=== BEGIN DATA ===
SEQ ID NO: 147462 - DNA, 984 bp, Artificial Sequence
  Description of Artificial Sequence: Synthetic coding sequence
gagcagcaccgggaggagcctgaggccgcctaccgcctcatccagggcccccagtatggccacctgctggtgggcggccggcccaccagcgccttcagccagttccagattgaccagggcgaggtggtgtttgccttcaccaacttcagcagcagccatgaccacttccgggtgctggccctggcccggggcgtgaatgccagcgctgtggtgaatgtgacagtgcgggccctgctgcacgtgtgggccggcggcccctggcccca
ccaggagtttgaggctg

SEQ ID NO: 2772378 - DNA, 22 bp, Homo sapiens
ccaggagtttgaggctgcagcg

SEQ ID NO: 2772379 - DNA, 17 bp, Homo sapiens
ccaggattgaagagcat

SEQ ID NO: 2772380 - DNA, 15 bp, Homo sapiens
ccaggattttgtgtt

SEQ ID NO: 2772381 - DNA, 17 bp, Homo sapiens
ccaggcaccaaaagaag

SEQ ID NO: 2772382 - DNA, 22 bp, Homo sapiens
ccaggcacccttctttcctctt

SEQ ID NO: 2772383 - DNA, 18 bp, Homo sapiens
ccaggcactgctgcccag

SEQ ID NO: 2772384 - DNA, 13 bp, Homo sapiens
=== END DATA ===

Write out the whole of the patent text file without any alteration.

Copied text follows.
SEQ ID NO: 147462 - DNA, 984 bp, Artificial Sequence
  Description of Artificial Sequence: Synthetic coding sequence
gagcagcaccgggaggagcctgaggccgcctaccgcctcatccagggcccccagtatggccacctgctggtgggcggccggcccaccagcgccttcagccagttccagattgaccagggcgaggtggtgtttgccttcaccaacttcagcagcagccatgaccacttccgggtgctggccctggcccggggcgtgaatgccagcgctgtggtgaatgtgacagtgcgggccctgctgcacgtgtgggccggcggcccctggcccca
ccaggagtttgaggctg

SEQ ID NO: 2772378 - DNA, 22 bp, Homo sapiens
ccaggagtttgaggctgcagcg

SEQ ID NO: 2772379 - DNA, 17 bp, Homo sapiens
ccaggattgaagagcat

SEQ ID NO: 2772380 - DNA, 15 bp, Homo sapiens
ccaggattttgtgtt

SEQ ID NO: 2772381 - DNA, 17 bp, Homo sapiens
ccaggcaccaaaagaag

SEQ ID NO: 2772382 - DNA, 22 bp, Homo sapiens
ccaggcacccttctttcctctt

SEQ ID NO: 2772383 - DNA, 18 bp, Homo sapiens
ccaggcactgctgcccag

SEQ ID NO: 2772384 - DNA, 13 bp, Homo sapiens